Taking a long trip to the U.S.? Avoid tax headaches
Are you a snowbird? Do you like to head south for the winter? If so, you should probably know that Canadian and American customs officers are using a new tool to control how long you stay south of the border.
Since July 30, 2014, pursuant to a cooperative agreement, Canada and the United States have been sharing information about when exactly a person enters and leaves either country.
So it's very important to know how to calculate the number of days you're allowed to visit our neighbours to the south-otherwise, you may be considered an American resident for tax purposes!
Whether you're there as a tenant or a property owner, you're considered an American resident if you stay there for 183 days, according to the following formula:
- At least 31 days in the current year AND 183 days over a 3-year period, weighted as follows:
- All days in the U.S. during the current year and
- 1/3 of the days in the U.S. during the previous year and
- 1/6 of the days in the U.S. during the year before that
To avoid being considered an American resident, despite a prolonged stay in the United States:
- Trips to the United States must not exceed 183 days per year (cumulatively and according to the above weighting) AND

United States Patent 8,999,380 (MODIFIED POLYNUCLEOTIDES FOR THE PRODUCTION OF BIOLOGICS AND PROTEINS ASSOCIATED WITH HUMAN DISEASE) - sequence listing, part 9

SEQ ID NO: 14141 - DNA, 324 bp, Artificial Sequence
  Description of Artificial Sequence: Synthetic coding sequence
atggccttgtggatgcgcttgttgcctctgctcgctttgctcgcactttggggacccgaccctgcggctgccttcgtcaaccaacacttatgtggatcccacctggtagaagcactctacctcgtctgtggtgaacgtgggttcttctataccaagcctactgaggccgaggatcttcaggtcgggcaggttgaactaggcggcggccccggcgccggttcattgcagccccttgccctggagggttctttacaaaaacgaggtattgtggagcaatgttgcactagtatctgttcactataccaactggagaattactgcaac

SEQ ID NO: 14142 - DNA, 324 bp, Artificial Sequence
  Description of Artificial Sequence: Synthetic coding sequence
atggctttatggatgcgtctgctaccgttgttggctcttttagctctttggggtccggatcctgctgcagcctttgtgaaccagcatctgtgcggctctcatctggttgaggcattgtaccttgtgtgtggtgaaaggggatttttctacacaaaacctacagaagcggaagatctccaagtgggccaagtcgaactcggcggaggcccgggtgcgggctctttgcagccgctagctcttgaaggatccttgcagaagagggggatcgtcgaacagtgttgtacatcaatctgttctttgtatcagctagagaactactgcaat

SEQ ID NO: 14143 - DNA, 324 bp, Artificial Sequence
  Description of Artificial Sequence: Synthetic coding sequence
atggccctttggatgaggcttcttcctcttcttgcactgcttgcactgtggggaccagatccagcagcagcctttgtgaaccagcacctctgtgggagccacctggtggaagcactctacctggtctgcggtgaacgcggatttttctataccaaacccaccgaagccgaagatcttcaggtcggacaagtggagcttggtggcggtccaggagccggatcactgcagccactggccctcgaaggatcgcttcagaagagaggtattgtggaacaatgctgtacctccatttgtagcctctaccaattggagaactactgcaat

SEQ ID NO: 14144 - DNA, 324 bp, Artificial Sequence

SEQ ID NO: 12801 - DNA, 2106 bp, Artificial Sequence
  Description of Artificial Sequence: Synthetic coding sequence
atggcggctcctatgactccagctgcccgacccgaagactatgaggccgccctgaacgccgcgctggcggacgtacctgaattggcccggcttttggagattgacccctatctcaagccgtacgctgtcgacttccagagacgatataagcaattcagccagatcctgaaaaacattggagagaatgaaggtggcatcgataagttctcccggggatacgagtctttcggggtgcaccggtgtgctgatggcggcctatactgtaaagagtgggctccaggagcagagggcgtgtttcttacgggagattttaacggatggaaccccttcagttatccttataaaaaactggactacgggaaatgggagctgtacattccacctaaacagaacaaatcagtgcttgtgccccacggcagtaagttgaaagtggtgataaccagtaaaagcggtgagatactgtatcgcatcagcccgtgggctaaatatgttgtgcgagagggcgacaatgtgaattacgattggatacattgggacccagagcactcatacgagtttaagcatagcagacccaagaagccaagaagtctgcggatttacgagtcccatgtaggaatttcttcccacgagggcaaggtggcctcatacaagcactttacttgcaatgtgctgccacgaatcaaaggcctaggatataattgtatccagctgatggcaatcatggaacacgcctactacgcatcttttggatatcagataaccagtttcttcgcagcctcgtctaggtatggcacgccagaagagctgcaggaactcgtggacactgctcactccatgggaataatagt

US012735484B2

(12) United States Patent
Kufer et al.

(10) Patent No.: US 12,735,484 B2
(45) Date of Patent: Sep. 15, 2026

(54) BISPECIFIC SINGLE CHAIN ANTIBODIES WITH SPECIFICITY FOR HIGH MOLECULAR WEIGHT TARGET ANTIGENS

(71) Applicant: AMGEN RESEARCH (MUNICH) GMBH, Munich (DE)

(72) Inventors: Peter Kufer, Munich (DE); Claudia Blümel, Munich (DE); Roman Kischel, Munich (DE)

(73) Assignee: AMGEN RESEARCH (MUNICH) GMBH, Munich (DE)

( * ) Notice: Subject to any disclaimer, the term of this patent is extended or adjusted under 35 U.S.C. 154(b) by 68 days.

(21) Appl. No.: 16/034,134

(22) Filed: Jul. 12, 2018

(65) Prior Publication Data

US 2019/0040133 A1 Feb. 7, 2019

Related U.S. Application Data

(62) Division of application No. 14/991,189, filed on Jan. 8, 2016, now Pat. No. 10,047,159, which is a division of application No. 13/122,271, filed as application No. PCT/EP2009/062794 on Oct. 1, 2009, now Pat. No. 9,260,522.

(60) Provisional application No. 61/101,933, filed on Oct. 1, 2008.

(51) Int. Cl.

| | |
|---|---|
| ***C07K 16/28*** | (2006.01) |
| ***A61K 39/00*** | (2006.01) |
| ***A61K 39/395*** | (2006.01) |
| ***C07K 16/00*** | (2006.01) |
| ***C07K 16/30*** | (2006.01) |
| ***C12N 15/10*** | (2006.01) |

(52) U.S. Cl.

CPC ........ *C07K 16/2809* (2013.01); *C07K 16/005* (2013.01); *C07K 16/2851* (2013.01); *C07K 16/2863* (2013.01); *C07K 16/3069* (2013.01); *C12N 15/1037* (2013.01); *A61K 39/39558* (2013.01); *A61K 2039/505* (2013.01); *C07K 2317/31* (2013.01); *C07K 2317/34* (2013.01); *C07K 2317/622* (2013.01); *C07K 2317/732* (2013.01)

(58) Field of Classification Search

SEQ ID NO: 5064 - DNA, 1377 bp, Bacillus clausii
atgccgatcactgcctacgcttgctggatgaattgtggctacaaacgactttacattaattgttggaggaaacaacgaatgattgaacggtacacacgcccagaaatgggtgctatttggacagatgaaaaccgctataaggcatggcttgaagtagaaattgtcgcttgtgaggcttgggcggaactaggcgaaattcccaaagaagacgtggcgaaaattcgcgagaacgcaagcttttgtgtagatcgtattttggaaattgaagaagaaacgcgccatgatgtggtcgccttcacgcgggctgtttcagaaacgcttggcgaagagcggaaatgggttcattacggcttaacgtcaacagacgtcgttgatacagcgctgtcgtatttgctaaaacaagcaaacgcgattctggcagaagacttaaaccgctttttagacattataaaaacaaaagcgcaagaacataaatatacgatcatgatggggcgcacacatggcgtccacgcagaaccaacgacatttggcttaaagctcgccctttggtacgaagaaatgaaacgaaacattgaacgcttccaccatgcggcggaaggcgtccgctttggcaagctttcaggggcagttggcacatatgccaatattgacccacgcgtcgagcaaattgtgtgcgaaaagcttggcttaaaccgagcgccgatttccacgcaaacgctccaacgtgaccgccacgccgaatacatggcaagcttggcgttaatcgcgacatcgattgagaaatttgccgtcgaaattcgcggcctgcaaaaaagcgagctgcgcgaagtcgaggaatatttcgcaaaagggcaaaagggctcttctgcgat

- You must maintain a principal residence in Canada and have familial, economic, personal and social associations in Canada.
To prove the above, you must submit Form 8840 every year and no later than the deadline for filing a U.S. tax return (June 15).
If you stay for longer than 183 days in the same year, in order to benefit from the advantages of the tax treaty between Canada and the United States, you must file an American tax return (Form 1040NR) and invoke clause IV of the Treaty by submitting Form 8833 - Treaty-Based Return Position Disclosure.
The penalties for not respecting these conditions may be quite severe. If you find all of this confusing, you're not alone! That's why we recommend that you consult official resources and Canadian and U.S. government sites to get the information that applies to your particular situation.